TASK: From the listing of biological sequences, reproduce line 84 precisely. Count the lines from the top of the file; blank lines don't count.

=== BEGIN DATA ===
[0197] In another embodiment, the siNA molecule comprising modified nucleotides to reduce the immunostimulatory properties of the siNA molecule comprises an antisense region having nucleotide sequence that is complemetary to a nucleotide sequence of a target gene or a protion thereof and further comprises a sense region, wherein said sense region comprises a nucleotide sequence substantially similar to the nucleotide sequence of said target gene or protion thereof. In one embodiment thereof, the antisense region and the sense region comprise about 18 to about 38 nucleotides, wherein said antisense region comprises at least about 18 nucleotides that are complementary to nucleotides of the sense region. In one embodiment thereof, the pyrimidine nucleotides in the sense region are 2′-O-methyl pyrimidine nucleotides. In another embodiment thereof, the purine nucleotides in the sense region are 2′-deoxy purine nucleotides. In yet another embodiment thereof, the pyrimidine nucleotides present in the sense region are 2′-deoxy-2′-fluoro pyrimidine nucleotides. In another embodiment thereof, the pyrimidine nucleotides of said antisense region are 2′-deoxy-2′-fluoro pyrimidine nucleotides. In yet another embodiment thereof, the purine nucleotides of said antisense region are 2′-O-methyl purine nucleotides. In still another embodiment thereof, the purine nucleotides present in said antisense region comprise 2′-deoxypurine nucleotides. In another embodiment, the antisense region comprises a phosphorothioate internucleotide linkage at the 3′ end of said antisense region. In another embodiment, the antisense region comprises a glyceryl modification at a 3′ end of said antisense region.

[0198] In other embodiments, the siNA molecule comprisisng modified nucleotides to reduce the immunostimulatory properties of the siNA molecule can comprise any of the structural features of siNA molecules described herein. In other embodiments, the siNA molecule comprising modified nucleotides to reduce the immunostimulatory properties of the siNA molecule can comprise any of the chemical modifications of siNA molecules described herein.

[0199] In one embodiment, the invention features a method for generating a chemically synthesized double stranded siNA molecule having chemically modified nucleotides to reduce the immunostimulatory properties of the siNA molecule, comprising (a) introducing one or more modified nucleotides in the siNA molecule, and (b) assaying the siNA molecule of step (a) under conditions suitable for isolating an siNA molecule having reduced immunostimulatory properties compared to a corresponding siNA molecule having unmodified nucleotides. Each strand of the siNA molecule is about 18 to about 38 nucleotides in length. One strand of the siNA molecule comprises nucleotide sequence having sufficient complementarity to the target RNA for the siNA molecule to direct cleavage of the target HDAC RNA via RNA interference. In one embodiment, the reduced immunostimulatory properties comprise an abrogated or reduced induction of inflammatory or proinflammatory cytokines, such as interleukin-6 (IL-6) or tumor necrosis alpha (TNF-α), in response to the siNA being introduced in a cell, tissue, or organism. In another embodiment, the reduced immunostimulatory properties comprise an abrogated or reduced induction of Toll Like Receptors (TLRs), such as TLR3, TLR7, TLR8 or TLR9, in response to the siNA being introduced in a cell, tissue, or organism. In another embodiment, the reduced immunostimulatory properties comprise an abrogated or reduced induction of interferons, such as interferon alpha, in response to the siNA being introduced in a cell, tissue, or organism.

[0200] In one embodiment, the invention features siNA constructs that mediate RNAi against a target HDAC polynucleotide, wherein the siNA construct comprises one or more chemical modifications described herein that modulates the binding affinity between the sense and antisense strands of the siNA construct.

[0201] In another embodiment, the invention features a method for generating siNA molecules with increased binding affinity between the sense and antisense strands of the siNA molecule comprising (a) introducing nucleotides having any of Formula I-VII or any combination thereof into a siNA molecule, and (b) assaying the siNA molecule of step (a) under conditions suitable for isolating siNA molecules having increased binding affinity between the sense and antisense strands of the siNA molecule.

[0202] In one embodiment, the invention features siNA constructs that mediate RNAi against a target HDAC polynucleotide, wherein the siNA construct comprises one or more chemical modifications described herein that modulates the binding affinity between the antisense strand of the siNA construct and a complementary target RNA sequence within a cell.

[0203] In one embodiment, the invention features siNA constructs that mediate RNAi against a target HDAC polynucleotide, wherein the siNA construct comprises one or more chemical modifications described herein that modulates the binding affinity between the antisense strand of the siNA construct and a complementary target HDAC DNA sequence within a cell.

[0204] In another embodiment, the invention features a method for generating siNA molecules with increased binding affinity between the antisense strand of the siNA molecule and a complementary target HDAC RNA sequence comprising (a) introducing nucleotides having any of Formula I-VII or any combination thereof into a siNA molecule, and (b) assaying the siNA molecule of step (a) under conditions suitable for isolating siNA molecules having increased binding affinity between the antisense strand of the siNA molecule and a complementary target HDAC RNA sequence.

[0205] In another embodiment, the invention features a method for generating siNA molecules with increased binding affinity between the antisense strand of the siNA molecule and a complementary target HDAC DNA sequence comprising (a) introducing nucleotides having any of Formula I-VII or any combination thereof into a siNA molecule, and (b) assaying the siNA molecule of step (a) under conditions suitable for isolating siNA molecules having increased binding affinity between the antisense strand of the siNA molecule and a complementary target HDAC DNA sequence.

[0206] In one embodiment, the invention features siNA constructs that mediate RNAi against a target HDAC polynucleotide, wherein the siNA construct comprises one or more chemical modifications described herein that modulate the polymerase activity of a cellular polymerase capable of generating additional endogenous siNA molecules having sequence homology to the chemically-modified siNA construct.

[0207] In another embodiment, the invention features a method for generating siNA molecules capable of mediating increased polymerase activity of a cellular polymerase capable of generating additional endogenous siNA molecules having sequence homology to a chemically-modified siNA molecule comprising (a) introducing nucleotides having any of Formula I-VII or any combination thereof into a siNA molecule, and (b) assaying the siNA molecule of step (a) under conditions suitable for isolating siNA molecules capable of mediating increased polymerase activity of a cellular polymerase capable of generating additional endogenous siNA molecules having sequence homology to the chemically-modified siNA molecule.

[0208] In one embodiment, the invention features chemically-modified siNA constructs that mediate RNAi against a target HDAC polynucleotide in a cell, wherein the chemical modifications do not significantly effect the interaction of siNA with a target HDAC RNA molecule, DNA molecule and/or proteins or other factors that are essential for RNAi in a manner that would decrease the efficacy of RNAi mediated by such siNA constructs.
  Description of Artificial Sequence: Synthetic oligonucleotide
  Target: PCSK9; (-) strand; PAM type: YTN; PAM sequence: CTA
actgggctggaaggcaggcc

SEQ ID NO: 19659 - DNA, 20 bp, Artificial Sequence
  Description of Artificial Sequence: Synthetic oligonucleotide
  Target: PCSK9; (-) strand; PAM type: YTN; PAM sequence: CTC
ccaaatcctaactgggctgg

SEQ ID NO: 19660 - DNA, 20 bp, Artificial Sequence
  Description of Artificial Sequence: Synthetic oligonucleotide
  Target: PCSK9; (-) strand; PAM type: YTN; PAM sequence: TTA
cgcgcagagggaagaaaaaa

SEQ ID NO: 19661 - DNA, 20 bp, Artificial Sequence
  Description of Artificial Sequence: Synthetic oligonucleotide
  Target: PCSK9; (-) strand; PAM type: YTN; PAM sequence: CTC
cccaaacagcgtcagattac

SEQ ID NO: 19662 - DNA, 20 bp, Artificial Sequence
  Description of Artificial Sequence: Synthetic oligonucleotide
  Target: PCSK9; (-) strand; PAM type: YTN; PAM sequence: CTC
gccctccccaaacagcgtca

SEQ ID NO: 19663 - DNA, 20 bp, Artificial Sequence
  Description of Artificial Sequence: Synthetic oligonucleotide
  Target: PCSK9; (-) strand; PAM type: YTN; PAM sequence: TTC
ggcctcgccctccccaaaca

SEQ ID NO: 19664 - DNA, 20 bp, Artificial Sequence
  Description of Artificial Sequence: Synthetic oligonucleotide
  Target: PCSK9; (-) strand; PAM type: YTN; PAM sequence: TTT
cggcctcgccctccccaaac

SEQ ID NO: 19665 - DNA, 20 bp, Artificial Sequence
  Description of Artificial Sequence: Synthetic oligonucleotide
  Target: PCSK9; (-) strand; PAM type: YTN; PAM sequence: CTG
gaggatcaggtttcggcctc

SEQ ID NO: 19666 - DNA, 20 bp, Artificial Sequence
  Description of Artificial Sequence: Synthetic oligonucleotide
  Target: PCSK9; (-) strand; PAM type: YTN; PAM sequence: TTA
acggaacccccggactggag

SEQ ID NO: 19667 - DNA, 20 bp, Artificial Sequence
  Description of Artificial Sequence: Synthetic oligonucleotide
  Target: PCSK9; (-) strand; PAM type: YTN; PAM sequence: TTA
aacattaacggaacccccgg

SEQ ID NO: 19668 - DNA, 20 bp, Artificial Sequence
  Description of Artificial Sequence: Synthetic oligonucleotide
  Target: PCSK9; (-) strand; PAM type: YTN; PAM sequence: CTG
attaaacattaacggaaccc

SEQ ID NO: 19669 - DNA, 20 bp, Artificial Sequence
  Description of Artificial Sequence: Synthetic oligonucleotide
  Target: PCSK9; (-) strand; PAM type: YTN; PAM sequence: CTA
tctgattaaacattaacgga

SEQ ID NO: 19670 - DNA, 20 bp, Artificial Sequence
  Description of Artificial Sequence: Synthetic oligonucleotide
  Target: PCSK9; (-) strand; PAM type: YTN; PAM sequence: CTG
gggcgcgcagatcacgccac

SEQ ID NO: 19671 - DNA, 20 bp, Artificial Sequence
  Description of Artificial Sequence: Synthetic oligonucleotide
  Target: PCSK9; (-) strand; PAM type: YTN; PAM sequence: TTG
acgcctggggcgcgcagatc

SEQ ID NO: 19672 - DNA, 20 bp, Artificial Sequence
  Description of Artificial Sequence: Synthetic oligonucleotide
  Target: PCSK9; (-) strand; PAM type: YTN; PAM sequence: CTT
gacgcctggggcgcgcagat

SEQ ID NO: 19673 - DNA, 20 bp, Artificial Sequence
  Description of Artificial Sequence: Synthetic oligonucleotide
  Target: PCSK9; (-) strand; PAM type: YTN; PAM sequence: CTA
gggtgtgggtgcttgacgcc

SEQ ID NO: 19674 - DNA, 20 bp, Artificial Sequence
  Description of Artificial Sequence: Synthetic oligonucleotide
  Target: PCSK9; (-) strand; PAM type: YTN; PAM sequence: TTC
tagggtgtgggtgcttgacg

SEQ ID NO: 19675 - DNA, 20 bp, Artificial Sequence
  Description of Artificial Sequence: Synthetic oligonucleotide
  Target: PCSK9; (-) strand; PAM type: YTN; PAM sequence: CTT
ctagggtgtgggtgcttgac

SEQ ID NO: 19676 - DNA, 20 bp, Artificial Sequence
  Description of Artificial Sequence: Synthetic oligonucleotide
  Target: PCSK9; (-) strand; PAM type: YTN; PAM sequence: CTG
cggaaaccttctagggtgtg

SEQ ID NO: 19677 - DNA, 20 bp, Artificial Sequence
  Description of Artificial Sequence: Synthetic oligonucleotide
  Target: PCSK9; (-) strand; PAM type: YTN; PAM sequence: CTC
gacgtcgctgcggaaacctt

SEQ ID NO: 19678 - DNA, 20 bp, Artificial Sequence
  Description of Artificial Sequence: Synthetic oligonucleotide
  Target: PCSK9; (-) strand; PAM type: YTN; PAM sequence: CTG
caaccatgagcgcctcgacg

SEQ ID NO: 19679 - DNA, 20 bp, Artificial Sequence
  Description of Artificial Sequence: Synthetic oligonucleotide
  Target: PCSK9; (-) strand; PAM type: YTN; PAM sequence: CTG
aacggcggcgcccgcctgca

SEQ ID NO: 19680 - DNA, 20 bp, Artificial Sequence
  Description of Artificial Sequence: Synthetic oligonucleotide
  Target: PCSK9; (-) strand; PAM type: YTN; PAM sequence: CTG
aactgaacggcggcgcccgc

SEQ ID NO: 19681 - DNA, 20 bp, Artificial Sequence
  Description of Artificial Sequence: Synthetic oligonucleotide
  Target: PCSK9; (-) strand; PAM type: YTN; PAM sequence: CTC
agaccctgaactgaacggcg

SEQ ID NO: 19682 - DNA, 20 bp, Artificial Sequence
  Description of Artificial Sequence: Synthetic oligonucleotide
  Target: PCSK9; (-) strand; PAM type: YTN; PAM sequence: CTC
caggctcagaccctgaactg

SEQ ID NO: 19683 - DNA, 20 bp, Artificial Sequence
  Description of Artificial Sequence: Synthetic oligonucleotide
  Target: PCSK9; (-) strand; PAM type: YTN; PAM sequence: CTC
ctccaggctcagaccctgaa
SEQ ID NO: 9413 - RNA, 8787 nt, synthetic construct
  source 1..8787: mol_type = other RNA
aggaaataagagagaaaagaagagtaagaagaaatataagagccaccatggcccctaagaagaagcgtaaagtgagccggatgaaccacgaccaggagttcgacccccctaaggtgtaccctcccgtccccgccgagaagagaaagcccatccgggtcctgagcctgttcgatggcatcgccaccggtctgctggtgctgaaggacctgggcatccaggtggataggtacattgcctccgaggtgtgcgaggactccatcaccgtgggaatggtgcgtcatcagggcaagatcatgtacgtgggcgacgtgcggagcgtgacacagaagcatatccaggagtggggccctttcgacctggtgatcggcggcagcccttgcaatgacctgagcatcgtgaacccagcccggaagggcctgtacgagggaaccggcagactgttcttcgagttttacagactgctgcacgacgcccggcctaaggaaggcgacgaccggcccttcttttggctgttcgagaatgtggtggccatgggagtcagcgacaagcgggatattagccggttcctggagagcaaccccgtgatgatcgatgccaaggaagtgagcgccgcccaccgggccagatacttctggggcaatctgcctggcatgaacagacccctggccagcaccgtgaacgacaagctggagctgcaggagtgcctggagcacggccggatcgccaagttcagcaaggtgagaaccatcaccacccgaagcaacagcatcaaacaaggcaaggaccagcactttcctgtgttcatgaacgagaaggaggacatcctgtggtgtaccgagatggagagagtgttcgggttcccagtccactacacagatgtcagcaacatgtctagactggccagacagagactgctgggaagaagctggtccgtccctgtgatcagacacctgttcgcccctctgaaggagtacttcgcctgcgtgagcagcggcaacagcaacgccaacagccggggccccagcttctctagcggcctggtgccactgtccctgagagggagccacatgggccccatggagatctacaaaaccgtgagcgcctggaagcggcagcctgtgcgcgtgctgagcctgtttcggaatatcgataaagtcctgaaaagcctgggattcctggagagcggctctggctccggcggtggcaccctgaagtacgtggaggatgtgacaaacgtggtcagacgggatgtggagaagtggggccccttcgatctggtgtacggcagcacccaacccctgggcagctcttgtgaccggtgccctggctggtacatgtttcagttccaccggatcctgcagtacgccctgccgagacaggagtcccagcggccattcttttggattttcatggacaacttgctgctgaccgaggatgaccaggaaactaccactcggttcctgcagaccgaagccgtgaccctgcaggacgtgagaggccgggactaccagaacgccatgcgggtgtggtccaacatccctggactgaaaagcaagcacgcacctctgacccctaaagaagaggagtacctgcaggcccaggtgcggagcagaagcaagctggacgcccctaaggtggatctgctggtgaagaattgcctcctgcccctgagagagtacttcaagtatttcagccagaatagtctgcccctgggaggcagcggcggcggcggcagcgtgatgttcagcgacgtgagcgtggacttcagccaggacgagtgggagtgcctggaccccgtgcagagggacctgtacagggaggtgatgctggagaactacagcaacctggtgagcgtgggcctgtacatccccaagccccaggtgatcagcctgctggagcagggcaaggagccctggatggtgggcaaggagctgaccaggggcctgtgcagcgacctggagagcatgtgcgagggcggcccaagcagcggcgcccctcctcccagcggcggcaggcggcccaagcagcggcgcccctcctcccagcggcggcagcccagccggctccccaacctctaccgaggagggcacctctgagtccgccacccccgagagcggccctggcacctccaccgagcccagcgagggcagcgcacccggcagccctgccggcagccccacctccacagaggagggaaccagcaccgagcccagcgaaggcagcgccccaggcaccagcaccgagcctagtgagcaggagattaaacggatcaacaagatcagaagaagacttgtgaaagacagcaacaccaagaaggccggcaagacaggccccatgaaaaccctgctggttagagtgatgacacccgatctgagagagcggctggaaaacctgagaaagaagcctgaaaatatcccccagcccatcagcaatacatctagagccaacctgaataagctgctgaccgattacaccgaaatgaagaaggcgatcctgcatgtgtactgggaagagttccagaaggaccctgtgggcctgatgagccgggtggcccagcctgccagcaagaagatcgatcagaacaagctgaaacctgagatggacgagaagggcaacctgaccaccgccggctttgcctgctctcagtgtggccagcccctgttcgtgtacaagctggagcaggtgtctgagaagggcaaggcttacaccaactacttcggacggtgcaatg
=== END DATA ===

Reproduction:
SEQ ID NO: 19676 - DNA, 20 bp, Artificial Sequence